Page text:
Agrochemical spray formulations applied to plants are often mixed with surfactants that facilitate delivery of the active ingredient. However, surfactants cause phytotoxicity and off-target effects in the environment. We propose the use of nanostructured liquid crystalline particles (NLCP) as an alternative to surfactant-based agrochemical delivery. For this, we have compared the application of commercial surfactants, di (2-ethylhexyl) sulfosuccinate and alkyl dimethyl betaine, with NLCP made from phytantriol, at concentrations of 0.1 , 1 and 5 on the adaxial surface of leaves of four plant species Ttriticum aestivum (wheat), Zea mays (maize), Lupinus angustifolius (lupin), and Arabidopsis thaliana. In comparison with the application of surfactants there was less phytotoxicity on leaves of each species following treatment with NLCP. Following treatment of leaves with NLCP analysis of cuticular wax micromorphology revealed less wax solubilization in the monocot species. The results clearly show that there are advantages in the use of NLCP rather than surfactants for agrochemical delivery.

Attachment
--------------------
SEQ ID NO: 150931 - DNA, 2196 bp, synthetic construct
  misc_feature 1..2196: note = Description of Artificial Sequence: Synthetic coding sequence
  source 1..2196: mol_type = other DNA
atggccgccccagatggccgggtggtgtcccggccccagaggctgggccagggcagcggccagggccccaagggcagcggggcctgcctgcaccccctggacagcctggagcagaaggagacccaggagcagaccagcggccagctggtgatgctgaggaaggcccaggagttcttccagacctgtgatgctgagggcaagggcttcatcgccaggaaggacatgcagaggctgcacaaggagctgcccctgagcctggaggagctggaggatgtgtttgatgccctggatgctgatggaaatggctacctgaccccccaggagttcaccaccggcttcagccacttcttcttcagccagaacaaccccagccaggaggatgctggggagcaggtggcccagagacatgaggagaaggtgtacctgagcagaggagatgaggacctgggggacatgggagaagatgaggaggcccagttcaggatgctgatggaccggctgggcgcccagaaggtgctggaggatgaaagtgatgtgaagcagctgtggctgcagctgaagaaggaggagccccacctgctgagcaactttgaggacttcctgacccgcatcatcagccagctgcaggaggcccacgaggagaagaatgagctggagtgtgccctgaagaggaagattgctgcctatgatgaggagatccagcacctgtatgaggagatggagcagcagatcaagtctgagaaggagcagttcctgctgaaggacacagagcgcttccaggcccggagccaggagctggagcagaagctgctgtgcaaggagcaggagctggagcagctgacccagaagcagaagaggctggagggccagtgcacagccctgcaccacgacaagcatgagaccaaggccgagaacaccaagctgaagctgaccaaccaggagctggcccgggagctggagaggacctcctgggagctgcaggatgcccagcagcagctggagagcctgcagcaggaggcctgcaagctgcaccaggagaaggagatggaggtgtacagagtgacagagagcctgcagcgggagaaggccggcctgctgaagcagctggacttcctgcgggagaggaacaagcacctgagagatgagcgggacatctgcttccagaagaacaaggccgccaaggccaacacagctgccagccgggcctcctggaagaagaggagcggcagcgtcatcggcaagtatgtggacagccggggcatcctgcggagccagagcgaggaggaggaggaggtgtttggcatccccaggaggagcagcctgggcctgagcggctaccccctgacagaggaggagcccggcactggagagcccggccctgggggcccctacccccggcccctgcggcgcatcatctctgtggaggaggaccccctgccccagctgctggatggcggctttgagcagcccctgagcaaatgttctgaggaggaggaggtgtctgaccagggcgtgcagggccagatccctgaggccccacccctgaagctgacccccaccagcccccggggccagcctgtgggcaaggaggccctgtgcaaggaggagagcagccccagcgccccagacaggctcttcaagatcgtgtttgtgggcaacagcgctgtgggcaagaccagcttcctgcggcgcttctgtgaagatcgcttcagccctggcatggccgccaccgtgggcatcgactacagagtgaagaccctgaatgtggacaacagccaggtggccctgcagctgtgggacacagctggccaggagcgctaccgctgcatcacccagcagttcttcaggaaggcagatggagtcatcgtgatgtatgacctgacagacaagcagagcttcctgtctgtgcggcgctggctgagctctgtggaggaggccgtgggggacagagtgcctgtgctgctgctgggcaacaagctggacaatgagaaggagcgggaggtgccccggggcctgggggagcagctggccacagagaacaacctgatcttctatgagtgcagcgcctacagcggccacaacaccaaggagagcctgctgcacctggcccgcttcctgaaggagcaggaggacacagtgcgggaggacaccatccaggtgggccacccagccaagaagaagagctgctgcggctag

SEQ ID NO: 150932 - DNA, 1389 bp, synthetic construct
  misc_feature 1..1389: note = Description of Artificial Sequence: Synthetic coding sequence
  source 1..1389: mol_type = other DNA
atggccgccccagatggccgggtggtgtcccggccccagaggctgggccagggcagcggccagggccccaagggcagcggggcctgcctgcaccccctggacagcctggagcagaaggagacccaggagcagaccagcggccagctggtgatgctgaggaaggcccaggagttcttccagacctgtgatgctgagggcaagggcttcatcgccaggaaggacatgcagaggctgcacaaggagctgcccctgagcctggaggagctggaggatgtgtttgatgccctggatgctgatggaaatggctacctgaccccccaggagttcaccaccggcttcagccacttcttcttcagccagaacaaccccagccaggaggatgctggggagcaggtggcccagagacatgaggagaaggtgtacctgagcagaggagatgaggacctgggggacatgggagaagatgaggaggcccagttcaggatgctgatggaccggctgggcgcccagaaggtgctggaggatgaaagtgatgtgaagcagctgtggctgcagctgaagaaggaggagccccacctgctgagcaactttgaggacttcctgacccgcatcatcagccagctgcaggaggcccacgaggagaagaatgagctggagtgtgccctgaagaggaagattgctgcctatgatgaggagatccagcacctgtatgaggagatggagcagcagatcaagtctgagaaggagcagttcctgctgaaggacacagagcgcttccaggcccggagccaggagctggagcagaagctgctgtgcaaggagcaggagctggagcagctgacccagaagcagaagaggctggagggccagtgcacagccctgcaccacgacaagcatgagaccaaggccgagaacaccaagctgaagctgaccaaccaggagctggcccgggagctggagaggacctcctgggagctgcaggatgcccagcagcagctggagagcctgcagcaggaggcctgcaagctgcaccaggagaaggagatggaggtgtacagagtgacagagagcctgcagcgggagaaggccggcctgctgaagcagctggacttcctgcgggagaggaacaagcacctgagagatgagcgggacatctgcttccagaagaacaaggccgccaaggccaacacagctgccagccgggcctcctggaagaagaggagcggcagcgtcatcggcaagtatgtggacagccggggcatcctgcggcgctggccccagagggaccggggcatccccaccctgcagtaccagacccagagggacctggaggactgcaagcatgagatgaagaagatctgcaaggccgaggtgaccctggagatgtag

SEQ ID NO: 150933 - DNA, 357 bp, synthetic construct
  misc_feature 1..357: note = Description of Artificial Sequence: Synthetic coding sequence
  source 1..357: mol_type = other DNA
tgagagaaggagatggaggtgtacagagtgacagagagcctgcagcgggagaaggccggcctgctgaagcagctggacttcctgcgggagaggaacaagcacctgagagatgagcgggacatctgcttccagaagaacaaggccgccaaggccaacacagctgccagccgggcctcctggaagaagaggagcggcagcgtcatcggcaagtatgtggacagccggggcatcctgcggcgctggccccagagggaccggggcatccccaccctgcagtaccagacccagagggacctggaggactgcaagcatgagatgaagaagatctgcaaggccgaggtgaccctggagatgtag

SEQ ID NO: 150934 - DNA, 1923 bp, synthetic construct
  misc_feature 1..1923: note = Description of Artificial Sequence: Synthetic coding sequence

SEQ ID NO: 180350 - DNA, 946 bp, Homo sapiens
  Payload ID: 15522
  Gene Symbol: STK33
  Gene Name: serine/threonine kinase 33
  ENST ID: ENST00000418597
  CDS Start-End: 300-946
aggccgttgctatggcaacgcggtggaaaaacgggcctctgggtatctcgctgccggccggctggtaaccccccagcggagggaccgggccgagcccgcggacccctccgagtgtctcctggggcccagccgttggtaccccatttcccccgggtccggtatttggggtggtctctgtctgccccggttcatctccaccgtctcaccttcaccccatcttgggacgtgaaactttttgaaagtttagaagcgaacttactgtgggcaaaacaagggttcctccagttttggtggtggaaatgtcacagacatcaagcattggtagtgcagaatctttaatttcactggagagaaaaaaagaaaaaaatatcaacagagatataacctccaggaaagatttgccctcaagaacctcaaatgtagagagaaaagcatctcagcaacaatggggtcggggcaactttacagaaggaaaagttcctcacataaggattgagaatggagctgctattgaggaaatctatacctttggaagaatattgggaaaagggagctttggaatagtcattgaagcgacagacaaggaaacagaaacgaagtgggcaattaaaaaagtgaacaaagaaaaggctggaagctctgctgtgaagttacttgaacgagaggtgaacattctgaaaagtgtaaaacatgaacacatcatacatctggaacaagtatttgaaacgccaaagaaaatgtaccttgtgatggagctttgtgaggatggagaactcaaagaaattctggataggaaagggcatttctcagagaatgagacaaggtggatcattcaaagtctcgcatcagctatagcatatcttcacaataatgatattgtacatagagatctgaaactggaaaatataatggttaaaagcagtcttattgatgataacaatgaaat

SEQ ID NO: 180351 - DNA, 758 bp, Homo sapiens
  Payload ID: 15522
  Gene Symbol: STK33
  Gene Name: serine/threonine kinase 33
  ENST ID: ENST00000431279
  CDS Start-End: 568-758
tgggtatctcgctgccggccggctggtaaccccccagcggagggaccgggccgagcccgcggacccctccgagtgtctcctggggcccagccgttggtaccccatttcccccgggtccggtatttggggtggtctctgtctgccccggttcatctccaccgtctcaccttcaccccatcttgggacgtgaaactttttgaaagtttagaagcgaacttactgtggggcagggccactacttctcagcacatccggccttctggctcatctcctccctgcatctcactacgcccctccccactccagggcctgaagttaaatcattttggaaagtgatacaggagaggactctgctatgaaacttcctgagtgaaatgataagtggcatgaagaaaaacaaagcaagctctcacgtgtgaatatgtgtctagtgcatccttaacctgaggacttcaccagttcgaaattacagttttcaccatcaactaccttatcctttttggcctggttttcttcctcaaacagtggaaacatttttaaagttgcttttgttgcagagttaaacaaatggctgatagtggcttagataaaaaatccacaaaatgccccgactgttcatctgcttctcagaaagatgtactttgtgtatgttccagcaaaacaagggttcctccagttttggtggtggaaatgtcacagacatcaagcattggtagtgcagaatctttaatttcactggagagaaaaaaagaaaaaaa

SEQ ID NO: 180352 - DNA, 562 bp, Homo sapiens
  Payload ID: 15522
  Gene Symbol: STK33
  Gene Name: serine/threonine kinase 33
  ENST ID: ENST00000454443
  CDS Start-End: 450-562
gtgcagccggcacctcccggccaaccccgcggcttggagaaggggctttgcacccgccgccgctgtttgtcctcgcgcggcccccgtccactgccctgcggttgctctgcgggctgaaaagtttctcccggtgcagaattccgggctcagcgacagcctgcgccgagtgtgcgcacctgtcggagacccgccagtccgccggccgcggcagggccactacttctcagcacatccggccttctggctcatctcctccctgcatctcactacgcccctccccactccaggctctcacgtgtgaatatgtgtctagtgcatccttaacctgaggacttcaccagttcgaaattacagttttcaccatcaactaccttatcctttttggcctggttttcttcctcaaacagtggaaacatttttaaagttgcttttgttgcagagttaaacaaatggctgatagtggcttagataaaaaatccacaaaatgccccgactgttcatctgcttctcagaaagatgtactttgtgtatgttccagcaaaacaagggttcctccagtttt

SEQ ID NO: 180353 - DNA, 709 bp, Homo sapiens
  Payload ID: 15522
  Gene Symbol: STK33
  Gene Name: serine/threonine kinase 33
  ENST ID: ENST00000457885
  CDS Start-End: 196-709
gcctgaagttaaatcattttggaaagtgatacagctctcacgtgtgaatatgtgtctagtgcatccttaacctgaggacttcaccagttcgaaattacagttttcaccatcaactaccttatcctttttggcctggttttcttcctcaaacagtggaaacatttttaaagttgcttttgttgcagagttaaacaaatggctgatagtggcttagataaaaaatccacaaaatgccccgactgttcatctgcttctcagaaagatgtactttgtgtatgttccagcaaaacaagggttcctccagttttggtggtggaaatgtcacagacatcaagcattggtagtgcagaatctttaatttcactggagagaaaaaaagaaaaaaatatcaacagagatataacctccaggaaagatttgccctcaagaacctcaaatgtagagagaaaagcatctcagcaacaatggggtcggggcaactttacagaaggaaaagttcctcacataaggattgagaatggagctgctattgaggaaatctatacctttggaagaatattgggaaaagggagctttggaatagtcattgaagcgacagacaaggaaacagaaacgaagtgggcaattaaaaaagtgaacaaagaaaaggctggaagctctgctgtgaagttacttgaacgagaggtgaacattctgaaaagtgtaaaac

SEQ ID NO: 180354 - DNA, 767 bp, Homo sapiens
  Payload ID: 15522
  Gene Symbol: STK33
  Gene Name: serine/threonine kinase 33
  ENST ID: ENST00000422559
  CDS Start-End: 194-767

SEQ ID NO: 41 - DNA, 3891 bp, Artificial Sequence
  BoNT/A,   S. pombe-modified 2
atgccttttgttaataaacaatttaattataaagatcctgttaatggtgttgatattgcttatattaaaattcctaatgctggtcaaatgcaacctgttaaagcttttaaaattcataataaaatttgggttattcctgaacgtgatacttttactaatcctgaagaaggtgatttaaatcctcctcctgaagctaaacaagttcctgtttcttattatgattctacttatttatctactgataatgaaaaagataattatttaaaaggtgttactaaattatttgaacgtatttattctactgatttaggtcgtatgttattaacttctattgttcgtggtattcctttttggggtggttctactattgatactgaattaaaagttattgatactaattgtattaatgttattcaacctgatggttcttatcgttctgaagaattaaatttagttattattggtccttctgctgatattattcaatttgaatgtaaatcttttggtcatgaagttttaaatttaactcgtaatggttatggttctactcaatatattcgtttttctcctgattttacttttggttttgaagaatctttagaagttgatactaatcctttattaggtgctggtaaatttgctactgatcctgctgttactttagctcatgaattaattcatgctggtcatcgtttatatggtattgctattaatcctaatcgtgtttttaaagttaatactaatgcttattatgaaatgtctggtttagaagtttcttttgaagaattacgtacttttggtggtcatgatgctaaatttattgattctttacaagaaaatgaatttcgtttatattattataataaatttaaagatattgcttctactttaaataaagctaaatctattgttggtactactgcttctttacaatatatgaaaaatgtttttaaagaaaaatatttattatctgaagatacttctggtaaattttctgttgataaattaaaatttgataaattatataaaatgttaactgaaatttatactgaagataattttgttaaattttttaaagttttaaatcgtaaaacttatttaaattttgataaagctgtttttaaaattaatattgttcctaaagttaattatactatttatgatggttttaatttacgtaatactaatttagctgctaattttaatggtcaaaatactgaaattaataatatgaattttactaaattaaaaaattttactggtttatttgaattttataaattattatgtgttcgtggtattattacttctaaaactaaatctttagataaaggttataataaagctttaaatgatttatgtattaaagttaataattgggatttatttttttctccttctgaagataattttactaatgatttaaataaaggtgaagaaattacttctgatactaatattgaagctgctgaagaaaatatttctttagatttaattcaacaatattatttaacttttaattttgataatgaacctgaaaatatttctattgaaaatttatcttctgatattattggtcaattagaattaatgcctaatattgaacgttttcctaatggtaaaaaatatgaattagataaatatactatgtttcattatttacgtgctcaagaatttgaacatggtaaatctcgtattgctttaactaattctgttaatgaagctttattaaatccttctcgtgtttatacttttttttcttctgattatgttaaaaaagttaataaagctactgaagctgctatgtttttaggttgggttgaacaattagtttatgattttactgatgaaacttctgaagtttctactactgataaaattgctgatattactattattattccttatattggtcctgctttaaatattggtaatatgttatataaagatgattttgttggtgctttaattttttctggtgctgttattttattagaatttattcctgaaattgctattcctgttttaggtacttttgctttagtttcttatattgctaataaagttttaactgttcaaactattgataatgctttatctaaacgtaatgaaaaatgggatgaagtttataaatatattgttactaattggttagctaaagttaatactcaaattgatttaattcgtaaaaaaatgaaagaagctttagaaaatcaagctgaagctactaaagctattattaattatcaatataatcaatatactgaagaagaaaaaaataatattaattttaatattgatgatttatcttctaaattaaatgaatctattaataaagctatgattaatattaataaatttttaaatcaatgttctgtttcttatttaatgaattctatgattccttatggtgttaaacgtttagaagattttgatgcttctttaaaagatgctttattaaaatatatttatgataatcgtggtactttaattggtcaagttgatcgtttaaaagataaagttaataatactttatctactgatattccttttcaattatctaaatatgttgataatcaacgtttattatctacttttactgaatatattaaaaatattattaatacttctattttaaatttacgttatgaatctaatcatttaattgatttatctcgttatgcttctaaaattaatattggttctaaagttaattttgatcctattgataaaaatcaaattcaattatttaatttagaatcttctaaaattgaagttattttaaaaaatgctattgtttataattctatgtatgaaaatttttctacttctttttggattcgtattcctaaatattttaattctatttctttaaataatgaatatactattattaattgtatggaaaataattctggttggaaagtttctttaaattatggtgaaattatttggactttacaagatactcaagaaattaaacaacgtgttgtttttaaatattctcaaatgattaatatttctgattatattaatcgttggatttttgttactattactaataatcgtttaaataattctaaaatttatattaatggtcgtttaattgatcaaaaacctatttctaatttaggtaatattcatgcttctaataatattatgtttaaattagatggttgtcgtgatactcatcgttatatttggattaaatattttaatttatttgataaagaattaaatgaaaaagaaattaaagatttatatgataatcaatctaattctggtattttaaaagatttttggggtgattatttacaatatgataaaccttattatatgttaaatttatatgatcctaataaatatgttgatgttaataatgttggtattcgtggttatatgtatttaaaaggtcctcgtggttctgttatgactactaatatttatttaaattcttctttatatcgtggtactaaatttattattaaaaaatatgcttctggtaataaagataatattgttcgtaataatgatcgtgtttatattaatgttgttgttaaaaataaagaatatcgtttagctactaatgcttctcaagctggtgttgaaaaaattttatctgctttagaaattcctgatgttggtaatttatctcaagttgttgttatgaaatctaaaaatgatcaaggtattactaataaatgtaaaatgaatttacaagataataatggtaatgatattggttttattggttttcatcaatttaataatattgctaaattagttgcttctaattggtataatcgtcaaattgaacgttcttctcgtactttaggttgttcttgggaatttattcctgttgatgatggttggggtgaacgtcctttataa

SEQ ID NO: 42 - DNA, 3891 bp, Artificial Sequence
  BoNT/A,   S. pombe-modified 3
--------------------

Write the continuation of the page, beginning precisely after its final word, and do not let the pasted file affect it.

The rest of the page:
Nadiminti, P. P., Dong, Y. D. C., Sayer, C., Hay, P., Rookes, J. E., Boyd, B. J., & Cahill, D. M. (2013). Nanostructured liquid crystalline particles as an alternative delivery vehicle for plant agrochemicals. ACS Applied Materials & Interfaces, 5(5), 1818 - 1826. https://doi.org/10.1021/am303208t